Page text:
For a show i’ve been ranting about since the start, i’m happy to say that it ends with a bang.
I won’t claim that this improves on the major issues with this show, because it doesn’t really try too. All the comedy is completely dependent on obvious pandering or lazy references rather than clever dialogue or addicting chemistry. The twists and turns through all these games still have to rely on a contest of underhanded techniques rather than careful planning and skills. The world-building halts after the first few episodes and only progresses through forced exposition in character’s dialogue. Sora continues to hog the spotlight and leave every other character as barely useful, one-note personalities who take a backseat after their introduction. Furthermore it won’t stop acting like it’s smart and grand rather than admit that it’s just dumb fun.
But first the show plays around with its boldest idea ever: the possibility of Sora losing. Without spoiling too much, Shiro gets trapped in a world where no one knew Sora ever existed. From there it becomes a mystery on why Sora dissappeared, what proof there is of his existence, and what Shiro should do to return everything to normal. And i’ll tell you this: I freaking love this set-up! Without the help of the show’s god piece, there’s a genuine sense of tension involving the lack of guaranteed victory and trusting the outcome to sidelined characters. This is especially the case for Shiro, who hasn’t had a proper time to prove her status as the 2nd half of Blank until now. Not only does she solve this predicament without relying on sudden exposition, but several scenes scattered throughout the episode showcase how much Sora’s words of trust for Shiro hold dear to him.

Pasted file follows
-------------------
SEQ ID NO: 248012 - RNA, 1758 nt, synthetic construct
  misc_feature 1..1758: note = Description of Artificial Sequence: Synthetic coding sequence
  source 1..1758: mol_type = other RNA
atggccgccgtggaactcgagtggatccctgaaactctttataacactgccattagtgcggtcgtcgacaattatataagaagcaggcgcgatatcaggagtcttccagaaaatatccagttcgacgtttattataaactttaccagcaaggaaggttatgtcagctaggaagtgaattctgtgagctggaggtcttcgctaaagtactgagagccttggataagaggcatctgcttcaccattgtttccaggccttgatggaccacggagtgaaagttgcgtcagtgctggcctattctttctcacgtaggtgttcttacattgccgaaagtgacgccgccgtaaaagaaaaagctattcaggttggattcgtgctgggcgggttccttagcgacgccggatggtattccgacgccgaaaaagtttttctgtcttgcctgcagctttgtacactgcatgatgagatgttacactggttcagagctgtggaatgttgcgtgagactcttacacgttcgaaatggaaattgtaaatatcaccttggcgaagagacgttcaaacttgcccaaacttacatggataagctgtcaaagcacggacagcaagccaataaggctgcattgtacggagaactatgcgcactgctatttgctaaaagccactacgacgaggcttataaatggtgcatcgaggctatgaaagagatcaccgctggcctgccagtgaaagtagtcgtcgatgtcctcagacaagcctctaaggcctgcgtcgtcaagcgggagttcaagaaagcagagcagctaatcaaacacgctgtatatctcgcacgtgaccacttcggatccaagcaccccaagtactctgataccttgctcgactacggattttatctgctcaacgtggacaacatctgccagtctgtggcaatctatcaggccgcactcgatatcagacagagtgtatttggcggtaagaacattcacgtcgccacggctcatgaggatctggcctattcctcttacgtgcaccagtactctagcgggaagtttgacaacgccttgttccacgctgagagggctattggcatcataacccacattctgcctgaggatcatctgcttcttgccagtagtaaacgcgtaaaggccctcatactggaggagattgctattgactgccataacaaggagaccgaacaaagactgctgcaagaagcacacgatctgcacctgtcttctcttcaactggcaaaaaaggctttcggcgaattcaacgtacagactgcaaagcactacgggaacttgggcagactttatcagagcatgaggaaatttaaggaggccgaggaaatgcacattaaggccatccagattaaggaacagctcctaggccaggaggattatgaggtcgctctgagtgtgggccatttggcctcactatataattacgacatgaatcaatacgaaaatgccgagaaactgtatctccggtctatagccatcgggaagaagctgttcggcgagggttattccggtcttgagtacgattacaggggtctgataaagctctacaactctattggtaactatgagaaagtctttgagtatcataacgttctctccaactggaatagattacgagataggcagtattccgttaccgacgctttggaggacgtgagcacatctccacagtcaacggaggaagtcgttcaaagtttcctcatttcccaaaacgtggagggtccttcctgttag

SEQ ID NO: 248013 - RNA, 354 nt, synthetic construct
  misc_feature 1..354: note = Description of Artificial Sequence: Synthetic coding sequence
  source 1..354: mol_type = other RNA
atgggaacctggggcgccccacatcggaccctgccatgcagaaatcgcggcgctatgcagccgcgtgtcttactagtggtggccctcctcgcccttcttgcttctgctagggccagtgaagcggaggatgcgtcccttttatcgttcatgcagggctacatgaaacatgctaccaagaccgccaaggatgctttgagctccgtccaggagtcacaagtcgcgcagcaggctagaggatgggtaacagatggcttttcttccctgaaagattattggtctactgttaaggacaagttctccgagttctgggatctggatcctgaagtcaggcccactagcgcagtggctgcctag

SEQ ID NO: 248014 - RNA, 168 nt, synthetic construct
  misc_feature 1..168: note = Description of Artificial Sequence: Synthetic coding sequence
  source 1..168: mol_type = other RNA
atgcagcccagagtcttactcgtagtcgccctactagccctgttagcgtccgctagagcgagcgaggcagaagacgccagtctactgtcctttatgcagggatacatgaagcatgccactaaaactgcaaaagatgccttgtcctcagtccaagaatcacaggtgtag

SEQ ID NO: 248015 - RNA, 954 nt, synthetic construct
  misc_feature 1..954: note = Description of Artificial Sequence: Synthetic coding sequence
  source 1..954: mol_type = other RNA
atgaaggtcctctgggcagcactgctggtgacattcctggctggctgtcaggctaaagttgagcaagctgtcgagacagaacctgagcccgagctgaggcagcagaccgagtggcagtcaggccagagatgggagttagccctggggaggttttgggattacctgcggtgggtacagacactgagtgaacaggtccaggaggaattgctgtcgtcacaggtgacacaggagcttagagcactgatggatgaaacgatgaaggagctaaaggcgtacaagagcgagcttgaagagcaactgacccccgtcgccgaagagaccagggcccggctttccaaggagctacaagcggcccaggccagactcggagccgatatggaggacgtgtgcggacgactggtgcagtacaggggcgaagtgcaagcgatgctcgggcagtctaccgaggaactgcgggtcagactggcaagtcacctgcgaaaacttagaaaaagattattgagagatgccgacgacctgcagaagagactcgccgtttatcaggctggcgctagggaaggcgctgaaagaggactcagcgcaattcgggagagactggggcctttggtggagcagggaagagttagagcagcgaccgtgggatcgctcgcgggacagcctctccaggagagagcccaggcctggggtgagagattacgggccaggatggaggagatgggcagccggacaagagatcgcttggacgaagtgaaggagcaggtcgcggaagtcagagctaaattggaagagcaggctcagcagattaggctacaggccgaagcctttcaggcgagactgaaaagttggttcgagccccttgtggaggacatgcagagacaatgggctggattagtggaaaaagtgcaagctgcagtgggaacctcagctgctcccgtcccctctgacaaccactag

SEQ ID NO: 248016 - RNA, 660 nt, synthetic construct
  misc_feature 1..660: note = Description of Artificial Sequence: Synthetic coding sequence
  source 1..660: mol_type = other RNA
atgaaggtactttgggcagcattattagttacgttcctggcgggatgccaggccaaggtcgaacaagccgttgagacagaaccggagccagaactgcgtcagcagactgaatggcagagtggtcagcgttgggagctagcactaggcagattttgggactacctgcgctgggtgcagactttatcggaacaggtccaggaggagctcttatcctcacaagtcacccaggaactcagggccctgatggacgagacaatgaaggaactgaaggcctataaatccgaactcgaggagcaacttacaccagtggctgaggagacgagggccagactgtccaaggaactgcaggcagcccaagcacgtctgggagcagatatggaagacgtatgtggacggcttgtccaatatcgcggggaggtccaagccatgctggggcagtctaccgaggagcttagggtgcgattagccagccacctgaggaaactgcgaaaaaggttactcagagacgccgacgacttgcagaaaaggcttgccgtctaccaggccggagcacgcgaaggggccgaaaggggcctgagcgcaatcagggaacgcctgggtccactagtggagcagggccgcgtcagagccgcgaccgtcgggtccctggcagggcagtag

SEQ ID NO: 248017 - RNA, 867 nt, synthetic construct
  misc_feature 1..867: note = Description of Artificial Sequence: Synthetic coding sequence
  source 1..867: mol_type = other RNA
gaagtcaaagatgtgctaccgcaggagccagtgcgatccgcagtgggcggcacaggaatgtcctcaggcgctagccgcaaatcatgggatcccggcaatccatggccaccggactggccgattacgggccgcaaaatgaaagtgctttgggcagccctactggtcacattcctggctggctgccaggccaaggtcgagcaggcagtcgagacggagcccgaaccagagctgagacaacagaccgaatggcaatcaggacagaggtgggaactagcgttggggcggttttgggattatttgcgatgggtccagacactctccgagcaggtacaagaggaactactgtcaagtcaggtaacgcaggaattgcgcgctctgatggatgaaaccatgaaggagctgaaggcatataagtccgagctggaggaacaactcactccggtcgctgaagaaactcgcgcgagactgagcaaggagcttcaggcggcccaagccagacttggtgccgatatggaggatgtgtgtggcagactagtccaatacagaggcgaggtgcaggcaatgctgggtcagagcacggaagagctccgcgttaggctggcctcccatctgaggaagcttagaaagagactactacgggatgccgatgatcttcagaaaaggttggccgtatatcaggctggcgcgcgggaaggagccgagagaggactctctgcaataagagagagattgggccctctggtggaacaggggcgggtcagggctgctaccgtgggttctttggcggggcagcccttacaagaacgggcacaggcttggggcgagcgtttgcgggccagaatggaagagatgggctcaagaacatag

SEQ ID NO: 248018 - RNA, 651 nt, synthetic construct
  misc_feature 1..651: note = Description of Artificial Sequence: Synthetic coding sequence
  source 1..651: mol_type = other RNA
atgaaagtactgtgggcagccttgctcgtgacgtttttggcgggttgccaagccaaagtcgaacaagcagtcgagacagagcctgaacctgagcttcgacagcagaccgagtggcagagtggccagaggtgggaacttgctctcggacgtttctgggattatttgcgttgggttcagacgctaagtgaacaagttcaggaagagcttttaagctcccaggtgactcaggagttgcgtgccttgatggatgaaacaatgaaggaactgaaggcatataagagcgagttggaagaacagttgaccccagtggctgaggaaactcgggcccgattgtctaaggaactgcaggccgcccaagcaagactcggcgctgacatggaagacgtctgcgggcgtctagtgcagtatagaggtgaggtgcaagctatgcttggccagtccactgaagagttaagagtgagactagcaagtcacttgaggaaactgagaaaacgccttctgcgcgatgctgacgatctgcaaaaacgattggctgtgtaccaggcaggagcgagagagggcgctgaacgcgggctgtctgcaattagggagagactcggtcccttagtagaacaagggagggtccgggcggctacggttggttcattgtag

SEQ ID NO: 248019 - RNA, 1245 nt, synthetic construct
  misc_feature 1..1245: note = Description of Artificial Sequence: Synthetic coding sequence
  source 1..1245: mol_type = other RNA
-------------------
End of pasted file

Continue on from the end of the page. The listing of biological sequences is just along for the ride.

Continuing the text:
And then to appease haters like me, the virtual game becomes the closest thing this show ever gets to the level of smartness it claims to be at. Sure the game is just a mishmash of video game genres and the solution still has to revolve around Blank’s godlike intelligence, but at the very least they fooled me into believing actual planning went into this one. They foreshadow key events BEFORE having to reveal them as the pathway to victory. Both parties stick to the rules of the game, and the only possible “cheats” are actions the users could do outside the game. More importantly, it’s the only game so far to utilize every participant in Blank’s team and tests the level of trust they have for each other to pull off a win. Heck, the final solution relies on Blank being the victims and trusting STEPH to be the scorer, a character who’s usefulness has been inconsistent to say the least.
Let me make this perfectly clear: I still think this is the most overrated show of this season and possibly this year. But even I have to admit it gradually improves by each game, and it at least has enough bullshit in its bag to make sure it doesn’t run out of dumb surprises. Couple this with the striking art style and generally fast pacing, and you’ve got a show that can definitely be enjoyed with low expectations.